View all posts
  • Piyushi Dhir

    Piyushi is a nature lover, blogger and traveler at heart. She lives in beautiful Canada with her family. Piyushi is an animal lover and loves to write about all creatures.

    View all posts
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11 Comments. Leave new

  • I love everything about these moths.

    Reply
    • :), me,too.. I saw one in August 2010 by Universal Studios Hollywood, in the La La Land area, underneath the 101 Freeway Bridge over Lankershim blvd.(or whatever runs by Universal Tour.,) Probaly a female in the case I had, as it was real large–spread over a crack on the side, vertically,e.g. one wing tip top (no pun!) one on bottom.

      Reply
  • Just found one in Riverton Wyoming today!

    Reply
    • we also got a sighting from Cheyenne this week: Black Witch moth flying around our home about 10 miles north of Cheyenne, Wyoming. Spotted on July 1, 2020 at around 4pm fluttering by our back door.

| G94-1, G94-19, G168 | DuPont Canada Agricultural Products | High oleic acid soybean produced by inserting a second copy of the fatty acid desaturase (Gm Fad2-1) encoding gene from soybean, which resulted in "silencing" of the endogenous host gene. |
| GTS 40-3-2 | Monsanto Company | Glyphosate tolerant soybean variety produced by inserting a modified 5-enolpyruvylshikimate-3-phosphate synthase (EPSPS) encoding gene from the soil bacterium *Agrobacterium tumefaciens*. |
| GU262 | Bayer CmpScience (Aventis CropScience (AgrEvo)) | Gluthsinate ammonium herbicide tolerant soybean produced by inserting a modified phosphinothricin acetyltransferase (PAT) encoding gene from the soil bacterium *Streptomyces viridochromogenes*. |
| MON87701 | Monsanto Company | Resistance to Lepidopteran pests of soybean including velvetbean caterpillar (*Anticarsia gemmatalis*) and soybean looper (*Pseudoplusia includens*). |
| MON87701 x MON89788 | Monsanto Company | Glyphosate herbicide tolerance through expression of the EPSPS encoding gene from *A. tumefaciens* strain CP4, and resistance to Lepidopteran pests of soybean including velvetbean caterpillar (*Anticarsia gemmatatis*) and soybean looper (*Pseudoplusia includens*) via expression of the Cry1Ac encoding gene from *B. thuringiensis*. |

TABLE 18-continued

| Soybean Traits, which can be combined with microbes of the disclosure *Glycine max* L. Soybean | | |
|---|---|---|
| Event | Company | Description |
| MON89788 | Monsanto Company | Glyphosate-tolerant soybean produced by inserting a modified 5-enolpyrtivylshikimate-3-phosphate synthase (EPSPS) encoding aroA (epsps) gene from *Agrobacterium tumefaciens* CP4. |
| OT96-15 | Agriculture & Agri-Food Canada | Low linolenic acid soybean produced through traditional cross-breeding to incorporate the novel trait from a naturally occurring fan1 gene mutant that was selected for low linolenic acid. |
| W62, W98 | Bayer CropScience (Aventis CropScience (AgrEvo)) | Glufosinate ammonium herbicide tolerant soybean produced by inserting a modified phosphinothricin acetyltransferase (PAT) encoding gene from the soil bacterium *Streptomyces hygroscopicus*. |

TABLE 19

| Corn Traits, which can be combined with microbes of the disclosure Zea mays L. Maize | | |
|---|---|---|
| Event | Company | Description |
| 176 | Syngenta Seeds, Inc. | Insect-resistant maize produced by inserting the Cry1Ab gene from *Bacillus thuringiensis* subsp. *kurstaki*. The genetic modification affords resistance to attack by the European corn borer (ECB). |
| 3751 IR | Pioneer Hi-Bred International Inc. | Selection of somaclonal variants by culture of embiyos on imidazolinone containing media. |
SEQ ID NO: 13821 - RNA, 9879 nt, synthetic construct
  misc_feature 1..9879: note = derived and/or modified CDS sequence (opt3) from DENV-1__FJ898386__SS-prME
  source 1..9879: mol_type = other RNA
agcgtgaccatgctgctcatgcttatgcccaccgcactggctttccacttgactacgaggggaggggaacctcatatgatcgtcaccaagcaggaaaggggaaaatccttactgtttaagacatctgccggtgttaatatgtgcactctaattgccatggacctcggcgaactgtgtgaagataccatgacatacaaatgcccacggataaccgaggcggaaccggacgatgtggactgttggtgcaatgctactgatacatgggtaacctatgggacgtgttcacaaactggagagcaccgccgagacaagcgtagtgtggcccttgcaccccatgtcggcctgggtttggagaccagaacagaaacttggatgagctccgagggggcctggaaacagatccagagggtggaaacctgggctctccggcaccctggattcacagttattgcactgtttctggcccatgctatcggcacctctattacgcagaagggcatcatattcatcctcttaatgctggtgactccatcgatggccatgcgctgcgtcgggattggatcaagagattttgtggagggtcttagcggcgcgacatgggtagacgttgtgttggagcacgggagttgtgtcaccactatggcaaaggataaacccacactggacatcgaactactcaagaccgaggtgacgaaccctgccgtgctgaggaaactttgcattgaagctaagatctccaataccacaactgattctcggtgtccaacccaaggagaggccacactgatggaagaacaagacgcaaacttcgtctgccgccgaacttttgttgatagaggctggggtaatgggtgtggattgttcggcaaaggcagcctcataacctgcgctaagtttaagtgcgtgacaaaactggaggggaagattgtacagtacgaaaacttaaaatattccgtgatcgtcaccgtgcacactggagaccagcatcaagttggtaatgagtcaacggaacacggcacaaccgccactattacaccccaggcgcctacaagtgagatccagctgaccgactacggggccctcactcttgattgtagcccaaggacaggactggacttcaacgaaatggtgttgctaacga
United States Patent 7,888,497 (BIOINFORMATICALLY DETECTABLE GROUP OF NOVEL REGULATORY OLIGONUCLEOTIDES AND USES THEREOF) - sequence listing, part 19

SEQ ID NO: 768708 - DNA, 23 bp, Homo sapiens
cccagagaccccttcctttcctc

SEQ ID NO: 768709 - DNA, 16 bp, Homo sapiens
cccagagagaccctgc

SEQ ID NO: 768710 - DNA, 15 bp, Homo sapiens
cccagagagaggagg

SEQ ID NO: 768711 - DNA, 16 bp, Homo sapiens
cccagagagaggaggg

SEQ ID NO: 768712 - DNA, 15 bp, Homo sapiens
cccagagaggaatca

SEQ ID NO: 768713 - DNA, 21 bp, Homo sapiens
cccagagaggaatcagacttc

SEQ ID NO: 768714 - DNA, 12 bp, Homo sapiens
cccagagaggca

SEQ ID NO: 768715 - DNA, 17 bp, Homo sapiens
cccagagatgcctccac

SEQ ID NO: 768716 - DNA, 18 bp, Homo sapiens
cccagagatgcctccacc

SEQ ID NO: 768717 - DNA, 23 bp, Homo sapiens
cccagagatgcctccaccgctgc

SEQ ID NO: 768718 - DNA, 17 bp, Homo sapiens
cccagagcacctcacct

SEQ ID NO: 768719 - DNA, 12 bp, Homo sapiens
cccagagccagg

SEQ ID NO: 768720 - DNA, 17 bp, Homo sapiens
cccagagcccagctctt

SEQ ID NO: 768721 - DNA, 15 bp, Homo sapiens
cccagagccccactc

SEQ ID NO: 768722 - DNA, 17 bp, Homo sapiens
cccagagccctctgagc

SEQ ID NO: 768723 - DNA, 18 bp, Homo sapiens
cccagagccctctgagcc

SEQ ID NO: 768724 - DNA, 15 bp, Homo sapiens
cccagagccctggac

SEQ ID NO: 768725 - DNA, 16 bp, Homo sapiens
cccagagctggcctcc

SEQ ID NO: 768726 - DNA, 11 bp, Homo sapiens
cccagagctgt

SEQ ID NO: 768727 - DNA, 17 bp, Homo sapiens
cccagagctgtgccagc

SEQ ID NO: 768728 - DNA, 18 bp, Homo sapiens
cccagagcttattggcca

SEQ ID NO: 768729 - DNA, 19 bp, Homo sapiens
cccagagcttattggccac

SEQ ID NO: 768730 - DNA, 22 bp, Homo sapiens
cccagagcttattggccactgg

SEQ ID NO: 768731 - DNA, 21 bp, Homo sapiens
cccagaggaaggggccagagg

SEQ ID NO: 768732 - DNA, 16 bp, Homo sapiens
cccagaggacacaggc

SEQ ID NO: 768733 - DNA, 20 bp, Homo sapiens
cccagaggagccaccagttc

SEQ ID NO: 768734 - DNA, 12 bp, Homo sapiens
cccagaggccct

Reply
  • I just seen 2 in my back yard in Rock springs Wyoming. Looked like they were a breading pair. Thought they were bats until they landed. One of them was very huge. Much bigger than pics Ive seen on internet. Had to be at least 9 inches across both wings.

    Reply
    • Thanks for this report. We wonder why so many Black Witch sightings have been occurring in Wyoming.

      Reply
  • I just drove home with one in my car from the Flaming Gorge. ?

    Reply
  • I just drove home with one in my car from the Flaming Gorge. ????

    Reply
  • Saw what I thought was a bat in my shop…turned out to be one of these buggers! Located just north of Laramie

    Reply
  • Just found one in Homa Hills 10 miles north of Casper.

    Reply
  • One just flew out from Under my horse blanket in the barn and landed on a rafter. Galveston, Texas area

    Reply